The National Highway Traffic Safety Administration has established the UTQG grading system, the Uniform Tire Quality Grading, to assist consumers in their purchase of tires. Basically it's another tool to be used besides the opinions you gather from trusted friends, mechanics and whatever other sources you may have at your disposal. The key to using this system is to understand that it is a relative comparison system. The UTQG is not a safety rating and not a guarantee that a tire will last for a prescribed number of miles. Under UTQG, manufacturers use three criteria to grade tires: Traction,Temperature and Treadwear. The information is right where you need it when buying the tire: 1, On the paper label affixed to the tread and 2, On the tire molded into the sidewall. 18)The tests are also done in a lab, making it possible to gather much more empirical data, but also calling into question the exact application of that data to real-world conditions.19)
UTQG Traction Grades
Specifications are based on tests to determine the tire's coefficient of friction on wet asphalt and wet concrete at 40 mph. The tire is given a letter grade depending on the amount of G's the tire can withstand on each surface. The grades are as follows:20)
Traction GradeG-Force on AsphaltG-Force on Conc
AAAbove 0.54GAbove 0.41G
AAbove 0.47GAbove 0.35G
BAbove 0.38GAbove 0.26G
CLess Than 0.38GLess than 0.26G
The traction test does not evaluate the tire's ability to perform dry braking, dry or wet cornering or hydroplaning resistance. These are rather important qualities as well. To evaluate a tire's traction based solely on wet braking is somewhat oversimplifying actual tire performance. A tire that is graded as A for wet braking might well have better lateral grip than another tire graded AA.21)
UTQG Temperature Grades
Temperature grading is based on the tire's ability to dissipate heat while running at high speed against a rotating cylinder. A tire that cannot dissipate heat effectively will break down faster at higher speeds. 22)The “A” rated tire is the coolest running, and even though the “C” tire runs hotter it does not mean it is unsafe. The temperature grade is established for a tire that is properly inflated and not overloaded.23)
Temperatue GradeSpeed (mph)
AMeans that the tire is able to run for long periods of time at speeds over 155 miles per hour
BMeans that the tire ran between 100 and 155 miles per hour sustained
CMeans between 85 and 100 miles per hour sustained
All UTQG-rated tires must be able to effectively run at at least 85 mph. Most people won't require a tire to function reliably at 115 mph for long periods of time on US highways. Maybe just 100 mph would be good enough? Does extremely good heat dissipation ability have a positive effect on treadwear breakdown even at lower sustained speeds? What is that effect? UTQG temperature ratings simply don't have those answers, and those are the answers people really need to make informed decisions. Since the tires have to heat up before gaining proper traction, is it better to use a “C” temp tire in colder temperatures?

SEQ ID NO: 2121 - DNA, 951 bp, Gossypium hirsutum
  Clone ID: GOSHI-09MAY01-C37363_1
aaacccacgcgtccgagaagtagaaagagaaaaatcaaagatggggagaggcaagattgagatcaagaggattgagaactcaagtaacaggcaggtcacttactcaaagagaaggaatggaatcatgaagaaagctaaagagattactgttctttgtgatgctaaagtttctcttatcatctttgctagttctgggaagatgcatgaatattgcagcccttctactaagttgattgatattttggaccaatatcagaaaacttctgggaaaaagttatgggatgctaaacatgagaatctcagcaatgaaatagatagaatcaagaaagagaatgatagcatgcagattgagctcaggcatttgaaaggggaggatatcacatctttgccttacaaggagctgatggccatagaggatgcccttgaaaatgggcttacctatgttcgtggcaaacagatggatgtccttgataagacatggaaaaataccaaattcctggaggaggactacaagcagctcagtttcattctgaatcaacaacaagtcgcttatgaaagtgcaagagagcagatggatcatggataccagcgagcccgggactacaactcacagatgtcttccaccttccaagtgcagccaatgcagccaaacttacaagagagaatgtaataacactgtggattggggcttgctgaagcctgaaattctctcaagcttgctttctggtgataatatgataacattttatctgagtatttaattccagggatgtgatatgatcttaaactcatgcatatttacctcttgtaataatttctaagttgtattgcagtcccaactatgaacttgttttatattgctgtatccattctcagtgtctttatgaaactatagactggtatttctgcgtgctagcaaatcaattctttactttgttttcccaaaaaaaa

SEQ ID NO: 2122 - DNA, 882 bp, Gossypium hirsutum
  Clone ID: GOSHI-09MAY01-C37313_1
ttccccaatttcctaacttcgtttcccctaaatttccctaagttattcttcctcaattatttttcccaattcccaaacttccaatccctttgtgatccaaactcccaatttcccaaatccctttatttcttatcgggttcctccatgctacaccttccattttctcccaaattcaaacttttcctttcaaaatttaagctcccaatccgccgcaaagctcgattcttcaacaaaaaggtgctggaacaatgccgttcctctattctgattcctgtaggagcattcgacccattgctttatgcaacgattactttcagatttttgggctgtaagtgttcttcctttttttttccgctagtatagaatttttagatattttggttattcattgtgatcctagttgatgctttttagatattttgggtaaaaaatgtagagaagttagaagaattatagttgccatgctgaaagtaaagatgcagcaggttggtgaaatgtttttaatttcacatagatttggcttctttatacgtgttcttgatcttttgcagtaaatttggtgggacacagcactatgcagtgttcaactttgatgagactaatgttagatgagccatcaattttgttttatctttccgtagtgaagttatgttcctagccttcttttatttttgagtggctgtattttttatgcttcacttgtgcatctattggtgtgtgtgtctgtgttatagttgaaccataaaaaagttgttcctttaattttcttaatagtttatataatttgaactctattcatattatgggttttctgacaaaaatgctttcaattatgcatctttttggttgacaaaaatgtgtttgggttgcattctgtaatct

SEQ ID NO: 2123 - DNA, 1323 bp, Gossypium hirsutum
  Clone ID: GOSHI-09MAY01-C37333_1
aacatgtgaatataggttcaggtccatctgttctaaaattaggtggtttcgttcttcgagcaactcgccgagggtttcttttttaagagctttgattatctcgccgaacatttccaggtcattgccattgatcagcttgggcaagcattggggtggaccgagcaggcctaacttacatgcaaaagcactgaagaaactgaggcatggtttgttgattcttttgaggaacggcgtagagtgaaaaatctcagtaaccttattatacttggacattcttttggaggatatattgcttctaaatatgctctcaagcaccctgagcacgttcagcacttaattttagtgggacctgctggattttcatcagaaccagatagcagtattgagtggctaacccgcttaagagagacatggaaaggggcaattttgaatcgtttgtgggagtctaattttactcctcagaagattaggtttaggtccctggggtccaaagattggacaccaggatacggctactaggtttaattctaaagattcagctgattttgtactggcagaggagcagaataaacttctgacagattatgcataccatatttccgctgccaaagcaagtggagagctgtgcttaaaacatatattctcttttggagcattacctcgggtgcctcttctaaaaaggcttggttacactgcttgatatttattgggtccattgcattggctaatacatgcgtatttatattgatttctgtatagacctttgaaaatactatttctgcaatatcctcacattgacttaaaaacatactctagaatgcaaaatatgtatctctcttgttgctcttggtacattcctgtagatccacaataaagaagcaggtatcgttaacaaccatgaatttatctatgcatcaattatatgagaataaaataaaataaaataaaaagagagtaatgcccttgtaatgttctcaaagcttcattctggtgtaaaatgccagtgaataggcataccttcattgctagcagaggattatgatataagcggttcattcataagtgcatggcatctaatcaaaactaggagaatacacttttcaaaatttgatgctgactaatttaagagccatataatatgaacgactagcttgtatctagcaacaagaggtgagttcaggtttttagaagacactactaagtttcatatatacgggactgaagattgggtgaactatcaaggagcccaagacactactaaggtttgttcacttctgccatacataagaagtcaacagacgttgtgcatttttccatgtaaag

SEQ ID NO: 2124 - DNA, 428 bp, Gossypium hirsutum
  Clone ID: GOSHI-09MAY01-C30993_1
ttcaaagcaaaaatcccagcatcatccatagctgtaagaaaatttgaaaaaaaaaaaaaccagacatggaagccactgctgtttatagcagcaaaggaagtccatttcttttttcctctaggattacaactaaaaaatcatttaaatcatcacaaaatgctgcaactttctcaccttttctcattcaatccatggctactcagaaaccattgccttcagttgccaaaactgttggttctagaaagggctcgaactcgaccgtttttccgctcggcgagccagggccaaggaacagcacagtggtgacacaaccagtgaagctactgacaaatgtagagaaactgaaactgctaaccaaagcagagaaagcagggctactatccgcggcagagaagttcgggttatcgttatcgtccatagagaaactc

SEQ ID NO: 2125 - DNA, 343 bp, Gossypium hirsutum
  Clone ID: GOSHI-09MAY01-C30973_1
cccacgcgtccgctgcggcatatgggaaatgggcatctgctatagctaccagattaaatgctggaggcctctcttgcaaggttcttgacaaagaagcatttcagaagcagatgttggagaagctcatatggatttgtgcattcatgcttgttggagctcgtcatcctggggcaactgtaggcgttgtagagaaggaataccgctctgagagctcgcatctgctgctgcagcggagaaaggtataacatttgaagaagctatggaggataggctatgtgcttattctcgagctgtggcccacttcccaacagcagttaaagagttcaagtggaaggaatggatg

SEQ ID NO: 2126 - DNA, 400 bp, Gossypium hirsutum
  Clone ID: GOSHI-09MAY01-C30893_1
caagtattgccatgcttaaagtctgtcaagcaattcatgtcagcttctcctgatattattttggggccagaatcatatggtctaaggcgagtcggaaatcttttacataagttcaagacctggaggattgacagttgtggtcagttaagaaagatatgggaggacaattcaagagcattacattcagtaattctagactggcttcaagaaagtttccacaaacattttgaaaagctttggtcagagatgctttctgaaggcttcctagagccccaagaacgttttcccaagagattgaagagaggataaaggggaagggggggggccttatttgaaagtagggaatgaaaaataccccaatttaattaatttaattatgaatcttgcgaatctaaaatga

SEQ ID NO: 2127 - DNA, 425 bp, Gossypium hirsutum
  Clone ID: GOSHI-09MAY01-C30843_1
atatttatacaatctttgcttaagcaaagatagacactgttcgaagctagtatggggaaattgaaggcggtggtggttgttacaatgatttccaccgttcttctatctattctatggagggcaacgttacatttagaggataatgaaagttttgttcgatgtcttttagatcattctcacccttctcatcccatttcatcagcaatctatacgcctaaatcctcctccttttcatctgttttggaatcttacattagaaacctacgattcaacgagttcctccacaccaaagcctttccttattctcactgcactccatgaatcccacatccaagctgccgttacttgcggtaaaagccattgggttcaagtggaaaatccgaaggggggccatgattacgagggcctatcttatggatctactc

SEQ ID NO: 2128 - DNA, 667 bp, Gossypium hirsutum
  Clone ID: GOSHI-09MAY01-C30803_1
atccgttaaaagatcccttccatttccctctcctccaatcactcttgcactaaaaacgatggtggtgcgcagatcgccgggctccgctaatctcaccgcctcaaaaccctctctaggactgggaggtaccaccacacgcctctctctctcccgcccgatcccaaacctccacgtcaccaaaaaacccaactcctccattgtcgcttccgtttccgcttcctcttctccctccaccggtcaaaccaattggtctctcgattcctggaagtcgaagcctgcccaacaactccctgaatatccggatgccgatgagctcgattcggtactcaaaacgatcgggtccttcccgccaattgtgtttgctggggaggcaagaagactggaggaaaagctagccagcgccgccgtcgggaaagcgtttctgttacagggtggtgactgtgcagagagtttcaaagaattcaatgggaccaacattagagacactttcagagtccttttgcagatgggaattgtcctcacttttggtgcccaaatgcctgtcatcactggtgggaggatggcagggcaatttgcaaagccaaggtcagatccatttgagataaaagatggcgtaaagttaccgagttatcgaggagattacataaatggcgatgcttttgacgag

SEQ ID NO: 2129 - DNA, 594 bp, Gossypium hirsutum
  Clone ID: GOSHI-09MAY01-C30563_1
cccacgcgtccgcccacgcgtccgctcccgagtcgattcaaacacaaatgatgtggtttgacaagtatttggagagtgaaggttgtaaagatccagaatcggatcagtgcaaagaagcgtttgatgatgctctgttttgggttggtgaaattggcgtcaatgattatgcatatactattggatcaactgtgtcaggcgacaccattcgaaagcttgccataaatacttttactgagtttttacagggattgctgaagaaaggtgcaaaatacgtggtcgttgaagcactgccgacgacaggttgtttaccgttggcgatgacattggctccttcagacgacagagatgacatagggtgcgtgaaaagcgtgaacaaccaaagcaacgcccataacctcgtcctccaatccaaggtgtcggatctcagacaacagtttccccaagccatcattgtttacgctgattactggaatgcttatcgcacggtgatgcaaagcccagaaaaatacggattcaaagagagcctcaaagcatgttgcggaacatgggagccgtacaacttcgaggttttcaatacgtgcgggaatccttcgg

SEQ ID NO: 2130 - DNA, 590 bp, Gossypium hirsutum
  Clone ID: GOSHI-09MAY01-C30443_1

UTQG Treadwear Grades
Treadwear is perhaps the most complex and least reliable of the UTQG grades. Treadwear grade is tested by running a control tire around a circular track for 7,200 miles, then running the tire to be graded around the same circular track for the same mileage. The treadwear is then extrapolated from this data and compared to a similar extrapolation for the control tire
Treadwear GradeTread Life (as compared to an equal control tire)
100 Tread life is equal to the control tire
200 Tread life is twice the treadwear of the control tire
400 Treadlife is four times the treadwear of the control tire
However, another tire manufacturer may grade a comparable design 300, so a grade of 150 would last just half as long under their grading scheme. The lesson learned is to not to use one manufacturer's grade versus the other, but instead to compare tire grades within a given brand. Actual treadwear performance can vary tremendously according to the tire's real-world use. Variations in driving habits, service practices (most importantly air pressure maintenance), road conditions and climate affect tire life24)

Explanations of Motorcycle Tire Technical Specs

  • (*) - Approved for BMW (OE). Can be mounted on other vehicles.25)
  • BLT - Raised Black Lettering.
  • DEMO - Tire that has been mounted and dismounted and may have been used on a few miles/ kilometers. This tire is guaranteed and new.
  • DOT code - date of manufacture.
  • DRY - Tires heat quickly. Can be used in all weathers.
  • E-mark - Approval by the ECE/EC.
  • Endurance - Endurance/ multi-terrain
  • FIM - approved tire for Enduro (rib depth: 0.5 inch)
  • FP - Flange protection for rim.
  • Front/Rear - Interchangeable front/rear tire.
  • GG - Hard rubber.
  • Hard - Hard rubber.
  • Harley-Davidson - Harley-Davidson OE tire. Can be mounted on other motorcycles.
  • HO - Honda OE tire. Can equip other vehicles.
  • K0 - Super-soft rubber.
  • K1 - Soft rubber.
  • K2 - Medium rubber.
  • K3 - Hard rubber.
  • M+S - Efficient on muddy terrain or on light snow.
  • MBS-Radial - MBS technology for greater performance.
  • MFS - Max Flange Shield: protects the tire from curb damages.
  • MST - After mounting, tire is wider than indicated.
  • MWW - Medium White Sidewall.
  • NHS - Not for highway service.
  • NW - Narrow Whitewall : narrow white stripes on the sidewall.
  • NWS - Narrow White Stripe.
  • OWL - Off White Letter.
  • PR - Plies : measure of the tire sidewall strength according to hardness and thickness.
  • Rain - Rain tire.
  • RB - Black tire letters circled with white.
  • RF - Reinforced tire.
  • RSC - Tires heat quickly and provides very good grip in the rain.
  • RSW - Racing Soft Warm.
  • Run Flat - Tire able to run on flat.